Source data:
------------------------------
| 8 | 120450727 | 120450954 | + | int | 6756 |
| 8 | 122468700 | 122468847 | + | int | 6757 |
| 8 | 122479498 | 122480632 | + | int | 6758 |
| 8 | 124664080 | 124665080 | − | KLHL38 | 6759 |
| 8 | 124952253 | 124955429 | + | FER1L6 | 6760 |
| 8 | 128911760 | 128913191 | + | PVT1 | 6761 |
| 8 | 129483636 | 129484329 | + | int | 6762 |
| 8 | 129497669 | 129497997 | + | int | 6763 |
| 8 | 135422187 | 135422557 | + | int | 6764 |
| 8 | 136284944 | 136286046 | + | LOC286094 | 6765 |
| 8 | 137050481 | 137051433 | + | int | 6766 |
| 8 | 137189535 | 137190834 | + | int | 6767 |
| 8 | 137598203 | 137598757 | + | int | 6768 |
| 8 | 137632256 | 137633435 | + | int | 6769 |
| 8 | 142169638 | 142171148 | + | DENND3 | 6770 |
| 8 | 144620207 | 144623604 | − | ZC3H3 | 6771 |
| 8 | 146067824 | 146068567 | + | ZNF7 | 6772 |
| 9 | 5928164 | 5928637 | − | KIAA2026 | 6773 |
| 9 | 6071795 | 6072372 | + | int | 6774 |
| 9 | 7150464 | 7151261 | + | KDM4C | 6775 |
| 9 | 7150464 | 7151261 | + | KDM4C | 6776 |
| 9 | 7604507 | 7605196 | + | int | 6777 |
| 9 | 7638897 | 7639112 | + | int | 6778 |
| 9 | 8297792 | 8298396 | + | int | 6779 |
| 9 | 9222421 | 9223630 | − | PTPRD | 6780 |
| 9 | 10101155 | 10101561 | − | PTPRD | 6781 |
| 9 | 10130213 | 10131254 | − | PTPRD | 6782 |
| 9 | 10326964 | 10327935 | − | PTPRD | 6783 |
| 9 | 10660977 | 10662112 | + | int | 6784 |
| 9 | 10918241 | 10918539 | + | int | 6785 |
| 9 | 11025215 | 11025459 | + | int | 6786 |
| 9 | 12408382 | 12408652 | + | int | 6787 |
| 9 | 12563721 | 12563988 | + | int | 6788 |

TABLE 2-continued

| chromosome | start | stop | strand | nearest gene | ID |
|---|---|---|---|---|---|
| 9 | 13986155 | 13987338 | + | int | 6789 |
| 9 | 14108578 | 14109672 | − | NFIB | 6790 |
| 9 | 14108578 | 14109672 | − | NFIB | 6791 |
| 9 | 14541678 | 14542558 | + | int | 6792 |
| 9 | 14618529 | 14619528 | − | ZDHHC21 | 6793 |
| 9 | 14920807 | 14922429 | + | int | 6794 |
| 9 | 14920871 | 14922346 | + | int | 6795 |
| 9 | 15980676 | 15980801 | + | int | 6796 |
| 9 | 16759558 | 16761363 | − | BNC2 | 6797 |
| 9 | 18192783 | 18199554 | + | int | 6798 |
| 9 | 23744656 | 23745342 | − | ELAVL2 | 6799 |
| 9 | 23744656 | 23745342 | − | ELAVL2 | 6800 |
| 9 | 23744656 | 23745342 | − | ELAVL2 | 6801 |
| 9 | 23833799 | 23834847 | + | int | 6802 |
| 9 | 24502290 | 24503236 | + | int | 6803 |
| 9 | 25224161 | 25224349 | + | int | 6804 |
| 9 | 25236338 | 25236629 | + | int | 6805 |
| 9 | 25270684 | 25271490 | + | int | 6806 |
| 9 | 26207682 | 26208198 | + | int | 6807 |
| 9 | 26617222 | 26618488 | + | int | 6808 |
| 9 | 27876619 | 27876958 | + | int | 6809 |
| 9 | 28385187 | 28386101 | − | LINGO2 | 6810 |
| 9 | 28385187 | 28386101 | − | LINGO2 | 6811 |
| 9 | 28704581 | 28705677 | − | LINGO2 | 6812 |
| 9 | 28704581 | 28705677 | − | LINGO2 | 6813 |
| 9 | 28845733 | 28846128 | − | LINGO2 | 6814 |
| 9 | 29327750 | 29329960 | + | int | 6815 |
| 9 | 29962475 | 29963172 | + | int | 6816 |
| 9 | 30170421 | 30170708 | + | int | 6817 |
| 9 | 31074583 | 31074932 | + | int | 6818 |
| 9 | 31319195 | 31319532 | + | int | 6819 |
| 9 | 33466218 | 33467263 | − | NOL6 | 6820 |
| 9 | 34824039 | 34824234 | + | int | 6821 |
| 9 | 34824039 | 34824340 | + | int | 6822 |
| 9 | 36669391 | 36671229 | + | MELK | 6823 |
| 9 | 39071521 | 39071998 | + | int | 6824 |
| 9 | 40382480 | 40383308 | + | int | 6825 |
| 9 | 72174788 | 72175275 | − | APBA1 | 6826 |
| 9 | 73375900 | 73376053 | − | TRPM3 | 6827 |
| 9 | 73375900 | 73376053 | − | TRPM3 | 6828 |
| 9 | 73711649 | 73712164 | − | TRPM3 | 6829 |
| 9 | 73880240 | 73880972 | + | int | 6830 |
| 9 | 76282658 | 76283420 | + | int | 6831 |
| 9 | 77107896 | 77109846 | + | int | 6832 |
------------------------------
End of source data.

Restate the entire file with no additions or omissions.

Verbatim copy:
| 8 | 120450727 | 120450954 | + | int | 6756 |
| 8 | 122468700 | 122468847 | + | int | 6757 |
| 8 | 122479498 | 122480632 | + | int | 6758 |
| 8 | 124664080 | 124665080 | − | KLHL38 | 6759 |
| 8 | 124952253 | 124955429 | + | FER1L6 | 6760 |
| 8 | 128911760 | 128913191 | + | PVT1 | 6761 |
| 8 | 129483636 | 129484329 | + | int | 6762 |
| 8 | 129497669 | 129497997 | + | int | 6763 |
| 8 | 135422187 | 135422557 | + | int | 6764 |
| 8 | 136284944 | 136286046 | + | LOC286094 | 6765 |
| 8 | 137050481 | 137051433 | + | int | 6766 |
| 8 | 137189535 | 137190834 | + | int | 6767 |
| 8 | 137598203 | 137598757 | + | int | 6768 |
| 8 | 137632256 | 137633435 | + | int | 6769 |
| 8 | 142169638 | 142171148 | + | DENND3 | 6770 |
| 8 | 144620207 | 144623604 | − | ZC3H3 | 6771 |
| 8 | 146067824 | 146068567 | + | ZNF7 | 6772 |
| 9 | 5928164 | 5928637 | − | KIAA2026 | 6773 |
| 9 | 6071795 | 6072372 | + | int | 6774 |
| 9 | 7150464 | 7151261 | + | KDM4C | 6775 |
| 9 | 7150464 | 7151261 | + | KDM4C | 6776 |
| 9 | 7604507 | 7605196 | + | int | 6777 |
| 9 | 7638897 | 7639112 | + | int | 6778 |
| 9 | 8297792 | 8298396 | + | int | 6779 |
| 9 | 9222421 | 9223630 | − | PTPRD | 6780 |
| 9 | 10101155 | 10101561 | − | PTPRD | 6781 |
| 9 | 10130213 | 10131254 | − | PTPRD | 6782 |
| 9 | 10326964 | 10327935 | − | PTPRD | 6783 |
| 9 | 10660977 | 10662112 | + | int | 6784 |
| 9 | 10918241 | 10918539 | + | int | 6785 |
| 9 | 11025215 | 11025459 | + | int | 6786 |
| 9 | 12408382 | 12408652 | + | int | 6787 |
| 9 | 12563721 | 12563988 | + | int | 6788 |

TABLE 2-continued

| chromosome | start | stop | strand | nearest gene | ID |
|---|---|---|---|---|---|
| 9 | 13986155 | 13987338 | + | int | 6789 |
| 9 | 14108578 | 14109672 | − | NFIB | 6790 |
| 9 | 14108578 | 14109672 | − | NFIB | 6791 |
| 9 | 14541678 | 14542558 | + | int | 6792 |
| 9 | 14618529 | 14619528 | − | ZDHHC21 | 6793 |
| 9 | 14920807 | 14922429 | + | int | 6794 |
| 9 | 14920871 | 14922346 | + | int | 6795 |
| 9 | 15980676 | 15980801 | + | int | 6796 |
| 9 | 16759558 | 16761363 | − | BNC2 | 6797 |
| 9 | 18192783 | 18199554 | + | int | 6798 |
| 9 | 23744656 | 23745342 | − | ELAVL2 | 6799 |
| 9 | 23744656 | 23745342 | − | ELAVL2 | 6800 |
| 9 | 23744656 | 23745342 | − | ELAVL2 | 6801 |
| 9 | 23833799 | 23834847 | + | int | 6802 |
| 9 | 24502290 | 24503236 | + | int | 6803 |
| 9 | 25224161 | 25224349 | + | int | 6804 |
| 9 | 25236338 | 25236629 | + | int | 6805 |
| 9 | 25270684 | 25271490 | + | int | 6806 |
| 9 | 26207682 | 26208198 | + | int | 6807 |
| 9 | 26617222 | 26618488 | + | int | 6808 |
| 9 | 27876619 | 27876958 | + | int | 6809 |
| 9 | 28385187 | 28386101 | − | LINGO2 | 6810 |
| 9 | 28385187 | 28386101 | − | LINGO2 | 6811 |
| 9 | 28704581 | 28705677 | − | LINGO2 | 6812 |
| 9 | 28704581 | 28705677 | − | LINGO2 | 6813 |
| 9 | 28845733 | 28846128 | − | LINGO2 | 6814 |
| 9 | 29327750 | 29329960 | + | int | 6815 |
| 9 | 29962475 | 29963172 | + | int | 6816 |
| 9 | 30170421 | 30170708 | + | int | 6817 |
| 9 | 31074583 | 31074932 | + | int | 6818 |
| 9 | 31319195 | 31319532 | + | int | 6819 |
| 9 | 33466218 | 33467263 | − | NOL6 | 6820 |
| 9 | 34824039 | 34824234 | + | int | 6821 |
| 9 | 34824039 | 34824340 | + | int | 6822 |
| 9 | 36669391 | 36671229 | + | MELK | 6823 |
| 9 | 39071521 | 39071998 | + | int | 6824 |
| 9 | 40382480 | 40383308 | + | int | 6825 |
| 9 | 72174788 | 72175275 | − | APBA1 | 6826 |
| 9 | 73375900 | 73376053 | − | TRPM3 | 6827 |
| 9 | 73375900 | 73376053 | − | TRPM3 | 6828 |
| 9 | 73711649 | 73712164 | − | TRPM3 | 6829 |
| 9 | 73880240 | 73880972 | + | int | 6830 |
| 9 | 76282658 | 76283420 | + | int | 6831 |
| 9 | 77107896 | 77109846 | + | int | 6832 |